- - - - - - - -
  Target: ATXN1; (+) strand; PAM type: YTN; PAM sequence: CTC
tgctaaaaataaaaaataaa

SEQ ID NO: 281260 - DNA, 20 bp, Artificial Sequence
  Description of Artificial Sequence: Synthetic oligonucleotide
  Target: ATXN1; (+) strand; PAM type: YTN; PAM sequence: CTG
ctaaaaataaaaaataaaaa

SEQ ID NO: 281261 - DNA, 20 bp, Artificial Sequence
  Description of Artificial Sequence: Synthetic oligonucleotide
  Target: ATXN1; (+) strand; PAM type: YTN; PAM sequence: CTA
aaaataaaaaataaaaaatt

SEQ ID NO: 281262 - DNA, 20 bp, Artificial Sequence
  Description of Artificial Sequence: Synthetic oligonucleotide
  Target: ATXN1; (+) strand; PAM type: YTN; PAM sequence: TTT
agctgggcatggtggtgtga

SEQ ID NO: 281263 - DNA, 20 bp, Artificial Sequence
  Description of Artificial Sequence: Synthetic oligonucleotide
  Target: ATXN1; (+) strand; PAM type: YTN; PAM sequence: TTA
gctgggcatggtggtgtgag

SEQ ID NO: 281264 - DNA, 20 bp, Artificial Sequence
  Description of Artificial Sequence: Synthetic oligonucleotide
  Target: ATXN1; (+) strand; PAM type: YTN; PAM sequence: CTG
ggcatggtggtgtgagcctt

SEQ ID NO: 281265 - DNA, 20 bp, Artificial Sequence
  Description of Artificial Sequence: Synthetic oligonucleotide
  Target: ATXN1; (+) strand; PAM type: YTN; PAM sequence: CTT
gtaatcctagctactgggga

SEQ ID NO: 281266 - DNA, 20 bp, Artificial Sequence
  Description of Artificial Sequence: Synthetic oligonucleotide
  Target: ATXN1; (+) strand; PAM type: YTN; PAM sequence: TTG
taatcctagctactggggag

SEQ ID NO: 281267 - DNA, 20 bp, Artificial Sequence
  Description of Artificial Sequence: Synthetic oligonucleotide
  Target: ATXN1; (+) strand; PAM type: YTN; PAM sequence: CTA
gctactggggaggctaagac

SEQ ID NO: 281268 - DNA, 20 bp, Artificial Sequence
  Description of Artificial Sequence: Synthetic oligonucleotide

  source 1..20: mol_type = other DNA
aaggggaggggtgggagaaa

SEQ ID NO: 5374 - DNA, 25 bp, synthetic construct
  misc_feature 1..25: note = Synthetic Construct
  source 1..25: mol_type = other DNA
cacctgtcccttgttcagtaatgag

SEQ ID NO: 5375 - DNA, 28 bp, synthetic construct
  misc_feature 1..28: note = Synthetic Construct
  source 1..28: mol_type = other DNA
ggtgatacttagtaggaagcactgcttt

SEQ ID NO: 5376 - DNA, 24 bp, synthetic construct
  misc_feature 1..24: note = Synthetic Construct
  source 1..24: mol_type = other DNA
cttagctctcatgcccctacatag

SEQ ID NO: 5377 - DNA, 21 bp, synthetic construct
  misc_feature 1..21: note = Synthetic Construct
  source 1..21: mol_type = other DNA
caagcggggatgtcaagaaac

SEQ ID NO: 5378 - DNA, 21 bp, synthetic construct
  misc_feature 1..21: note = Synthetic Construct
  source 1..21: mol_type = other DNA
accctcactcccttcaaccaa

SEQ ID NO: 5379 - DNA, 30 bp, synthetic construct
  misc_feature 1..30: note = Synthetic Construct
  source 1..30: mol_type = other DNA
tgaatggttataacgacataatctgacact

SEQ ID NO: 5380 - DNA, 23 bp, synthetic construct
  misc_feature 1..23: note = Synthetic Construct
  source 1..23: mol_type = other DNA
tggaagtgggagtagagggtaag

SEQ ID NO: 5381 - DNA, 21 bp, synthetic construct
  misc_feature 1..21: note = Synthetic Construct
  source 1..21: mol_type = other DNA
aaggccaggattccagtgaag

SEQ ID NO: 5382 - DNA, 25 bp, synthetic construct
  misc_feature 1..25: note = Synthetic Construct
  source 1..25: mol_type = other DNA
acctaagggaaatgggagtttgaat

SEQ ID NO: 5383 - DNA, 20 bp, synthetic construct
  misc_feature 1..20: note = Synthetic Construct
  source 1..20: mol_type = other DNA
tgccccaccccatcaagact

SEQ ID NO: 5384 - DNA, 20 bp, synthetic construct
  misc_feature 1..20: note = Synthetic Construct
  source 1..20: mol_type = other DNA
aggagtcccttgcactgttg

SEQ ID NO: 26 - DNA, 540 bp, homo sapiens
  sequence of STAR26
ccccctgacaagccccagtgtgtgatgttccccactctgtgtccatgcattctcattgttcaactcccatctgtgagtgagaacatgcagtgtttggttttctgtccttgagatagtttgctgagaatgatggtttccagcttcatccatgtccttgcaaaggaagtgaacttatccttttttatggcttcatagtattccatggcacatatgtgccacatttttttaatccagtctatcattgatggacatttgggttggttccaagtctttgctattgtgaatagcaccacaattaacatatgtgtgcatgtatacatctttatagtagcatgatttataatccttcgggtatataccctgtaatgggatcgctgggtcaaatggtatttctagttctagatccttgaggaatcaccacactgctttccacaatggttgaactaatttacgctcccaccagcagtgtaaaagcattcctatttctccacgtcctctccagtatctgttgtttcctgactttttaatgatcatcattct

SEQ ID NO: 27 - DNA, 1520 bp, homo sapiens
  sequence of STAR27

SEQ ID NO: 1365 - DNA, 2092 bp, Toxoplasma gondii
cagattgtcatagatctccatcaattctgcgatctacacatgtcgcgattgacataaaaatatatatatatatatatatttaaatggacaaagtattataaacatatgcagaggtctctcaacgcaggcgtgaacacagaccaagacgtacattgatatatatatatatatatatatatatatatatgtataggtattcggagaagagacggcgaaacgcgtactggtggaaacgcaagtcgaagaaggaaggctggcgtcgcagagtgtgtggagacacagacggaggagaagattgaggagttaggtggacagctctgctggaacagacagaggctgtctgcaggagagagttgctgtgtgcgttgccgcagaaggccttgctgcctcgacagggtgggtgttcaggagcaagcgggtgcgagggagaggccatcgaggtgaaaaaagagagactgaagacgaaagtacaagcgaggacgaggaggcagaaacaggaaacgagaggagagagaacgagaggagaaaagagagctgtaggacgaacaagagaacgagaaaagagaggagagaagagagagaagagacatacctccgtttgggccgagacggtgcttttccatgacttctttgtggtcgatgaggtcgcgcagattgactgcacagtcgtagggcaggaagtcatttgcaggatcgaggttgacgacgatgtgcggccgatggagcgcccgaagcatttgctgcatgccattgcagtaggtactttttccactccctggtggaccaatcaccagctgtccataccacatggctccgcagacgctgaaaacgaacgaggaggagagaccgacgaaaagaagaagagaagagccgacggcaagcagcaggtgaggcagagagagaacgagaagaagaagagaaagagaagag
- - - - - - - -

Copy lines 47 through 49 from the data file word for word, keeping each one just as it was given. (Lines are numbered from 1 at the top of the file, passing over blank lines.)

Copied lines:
SEQ ID NO: 5376 - DNA, 24 bp, synthetic construct
  misc_feature 1..24: note = Synthetic Construct
  source 1..24: mol_type = other DNA